Now that I am retired having been many years a magistrate with a long awareness of the declining freedoms enjoyed by the ordinary citizen and a corresponding fear of the big brother state`s ever increasing encroachment on civil liberties I hope that my personal observations within these general parameters will be of interest to those with an open mind. Having been blogging with this title for many years against the rules of the Ministry of Justice my new found freedom should allow me to be less inhibited in these observations.

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Wednesday, 29 July 2015


I took my retirement from the bench a month or so earlier than my chronology suggested owing to the simultaneous imposition of the iniquitous courts charge introduced in April.  In my mind it had become a retiring issue; the straw which would have broken this camel`s back.  The so called "victims` surcharge" imposed from 2012 caused me personally a twinge of conscience owing to its being non means tested and therefore increasing the financial burden on those least able to bear it.  It is thought that it was a resigning issue for scores if not hundreds  of colleagues as was the amalgamation of courts that same year. The courts charge is of a different dimension. In the lower court it begins at £150 for a guilty plea to a summary offence, £180 similarly for a guilty plea to an either way offence increasing to £520 after conviction at trial for a summary offence and £1,000 for conviction at trial of an either way offence. These charges are not means tested.  In his letter to the Magistrates Association house magazine explaining his decision to resign from the magistracy   George Lyons with 15 years on the bench wrote:-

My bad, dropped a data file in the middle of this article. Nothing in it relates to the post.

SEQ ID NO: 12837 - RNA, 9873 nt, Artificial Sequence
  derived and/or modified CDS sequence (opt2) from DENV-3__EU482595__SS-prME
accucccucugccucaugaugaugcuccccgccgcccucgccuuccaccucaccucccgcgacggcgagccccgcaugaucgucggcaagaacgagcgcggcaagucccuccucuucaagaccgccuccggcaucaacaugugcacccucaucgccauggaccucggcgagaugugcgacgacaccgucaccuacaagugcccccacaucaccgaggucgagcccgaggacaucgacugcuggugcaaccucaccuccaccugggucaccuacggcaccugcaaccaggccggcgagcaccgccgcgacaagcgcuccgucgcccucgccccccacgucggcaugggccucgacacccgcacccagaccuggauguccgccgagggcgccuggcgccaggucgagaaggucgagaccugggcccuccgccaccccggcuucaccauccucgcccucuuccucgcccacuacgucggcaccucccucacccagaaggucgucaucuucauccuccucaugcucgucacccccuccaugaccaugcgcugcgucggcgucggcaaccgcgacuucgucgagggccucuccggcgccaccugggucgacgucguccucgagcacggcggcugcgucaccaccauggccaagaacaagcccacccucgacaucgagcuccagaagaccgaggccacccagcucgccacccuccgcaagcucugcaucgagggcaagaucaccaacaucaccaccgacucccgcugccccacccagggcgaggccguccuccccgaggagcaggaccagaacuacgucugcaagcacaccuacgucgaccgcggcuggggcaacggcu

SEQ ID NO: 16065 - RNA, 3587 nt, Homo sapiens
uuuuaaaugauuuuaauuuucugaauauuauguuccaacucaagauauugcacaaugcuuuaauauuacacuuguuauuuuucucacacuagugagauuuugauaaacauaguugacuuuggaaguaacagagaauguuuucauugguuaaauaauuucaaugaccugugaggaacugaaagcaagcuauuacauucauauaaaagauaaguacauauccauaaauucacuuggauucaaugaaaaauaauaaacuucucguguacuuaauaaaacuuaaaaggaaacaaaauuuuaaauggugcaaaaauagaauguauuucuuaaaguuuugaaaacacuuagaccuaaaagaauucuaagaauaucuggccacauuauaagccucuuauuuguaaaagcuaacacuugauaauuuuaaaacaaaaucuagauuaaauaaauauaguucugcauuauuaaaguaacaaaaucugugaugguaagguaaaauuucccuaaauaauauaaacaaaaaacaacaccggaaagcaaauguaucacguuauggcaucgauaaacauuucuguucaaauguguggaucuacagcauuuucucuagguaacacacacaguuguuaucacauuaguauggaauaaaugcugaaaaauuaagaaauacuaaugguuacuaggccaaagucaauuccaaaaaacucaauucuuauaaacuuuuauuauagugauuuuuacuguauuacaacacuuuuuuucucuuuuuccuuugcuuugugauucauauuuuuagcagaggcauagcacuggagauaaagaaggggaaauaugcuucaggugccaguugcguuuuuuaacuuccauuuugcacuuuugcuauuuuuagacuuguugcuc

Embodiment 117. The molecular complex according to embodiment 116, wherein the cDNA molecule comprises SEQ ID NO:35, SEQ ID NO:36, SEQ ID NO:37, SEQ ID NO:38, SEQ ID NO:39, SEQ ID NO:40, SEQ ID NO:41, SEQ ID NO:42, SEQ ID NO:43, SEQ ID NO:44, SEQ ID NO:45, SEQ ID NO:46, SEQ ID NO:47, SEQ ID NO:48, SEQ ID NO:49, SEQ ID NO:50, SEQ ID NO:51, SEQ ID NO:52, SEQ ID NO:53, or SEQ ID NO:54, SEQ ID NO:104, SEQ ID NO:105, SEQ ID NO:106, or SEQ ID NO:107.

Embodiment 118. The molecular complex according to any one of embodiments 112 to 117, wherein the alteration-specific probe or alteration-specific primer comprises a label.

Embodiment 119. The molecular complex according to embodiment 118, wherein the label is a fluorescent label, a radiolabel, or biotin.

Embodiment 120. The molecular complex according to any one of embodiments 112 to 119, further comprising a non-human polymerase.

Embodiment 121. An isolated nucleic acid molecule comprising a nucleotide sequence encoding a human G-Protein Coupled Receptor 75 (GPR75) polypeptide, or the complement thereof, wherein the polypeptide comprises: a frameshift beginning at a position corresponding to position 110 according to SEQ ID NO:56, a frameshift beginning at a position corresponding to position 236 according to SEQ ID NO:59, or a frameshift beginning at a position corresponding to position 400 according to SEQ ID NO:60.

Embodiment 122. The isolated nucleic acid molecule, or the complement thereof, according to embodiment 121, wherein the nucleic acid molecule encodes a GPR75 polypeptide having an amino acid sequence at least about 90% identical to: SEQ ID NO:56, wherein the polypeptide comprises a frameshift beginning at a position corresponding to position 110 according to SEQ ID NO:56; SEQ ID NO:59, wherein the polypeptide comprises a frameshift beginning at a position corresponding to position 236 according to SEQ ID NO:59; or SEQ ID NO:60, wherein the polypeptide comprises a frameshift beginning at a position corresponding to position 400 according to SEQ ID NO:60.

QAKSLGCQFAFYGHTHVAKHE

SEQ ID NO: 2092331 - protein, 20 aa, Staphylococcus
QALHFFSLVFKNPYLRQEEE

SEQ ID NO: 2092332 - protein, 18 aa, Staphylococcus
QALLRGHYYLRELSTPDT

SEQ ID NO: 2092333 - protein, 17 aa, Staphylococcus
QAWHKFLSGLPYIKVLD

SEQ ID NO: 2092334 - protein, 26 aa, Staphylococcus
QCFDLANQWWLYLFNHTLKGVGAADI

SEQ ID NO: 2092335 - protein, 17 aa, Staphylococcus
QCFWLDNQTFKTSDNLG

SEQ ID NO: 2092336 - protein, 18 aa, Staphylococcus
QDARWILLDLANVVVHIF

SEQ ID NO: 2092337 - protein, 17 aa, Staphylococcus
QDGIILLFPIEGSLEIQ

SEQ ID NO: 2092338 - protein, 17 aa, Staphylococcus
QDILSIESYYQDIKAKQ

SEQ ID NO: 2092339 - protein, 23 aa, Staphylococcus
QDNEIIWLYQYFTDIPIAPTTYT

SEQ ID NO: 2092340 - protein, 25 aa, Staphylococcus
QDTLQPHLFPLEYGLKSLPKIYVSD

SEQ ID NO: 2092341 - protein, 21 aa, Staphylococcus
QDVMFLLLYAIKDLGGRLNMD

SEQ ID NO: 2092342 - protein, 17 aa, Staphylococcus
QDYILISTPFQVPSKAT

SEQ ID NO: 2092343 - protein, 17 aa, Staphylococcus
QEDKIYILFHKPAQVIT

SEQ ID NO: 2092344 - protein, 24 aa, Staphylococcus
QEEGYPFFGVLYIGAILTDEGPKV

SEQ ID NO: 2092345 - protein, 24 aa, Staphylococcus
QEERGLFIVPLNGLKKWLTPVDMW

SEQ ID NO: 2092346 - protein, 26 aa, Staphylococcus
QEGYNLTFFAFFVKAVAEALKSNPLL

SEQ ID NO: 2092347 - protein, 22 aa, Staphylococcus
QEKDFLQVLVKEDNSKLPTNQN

"I have spent 15 years on the bench and was in the very privileged position of sitting as a chair in the adult and youth courts gaining knowledge and experience every day that I sat. We would exercise our discretion on every aspect of sentencing, within the guidelines, and arrive at a proportionate sentence for the offence charged. I cannot tell a defendant that the costs are reduced because they do not have the means to pay them then say, without any regard to personal circumstances, that I also impose £180 admin fee (that is what it is) and warn that a prison cell is waiting if they do not pay."

His is an opinion probably shared by the majority of his colleagues nationwide.  It is thought that at least twenty other J.P.s have resigned.  The Justices Clerk to my old bench has written to all my former colleagues telling them that if they are unhappy to be imposing the charge they should resign.  

Much as I am was an admirer of the current Justice Secretary,  by accepting his office and acquiescing to this legal abomination he has devalued himself as a man of good conscience.  Reversing his predecessor`s action on limiting prisoners` reading materials is not enough for him to regain the credibility he justifiably attained at Dept. of Education.    

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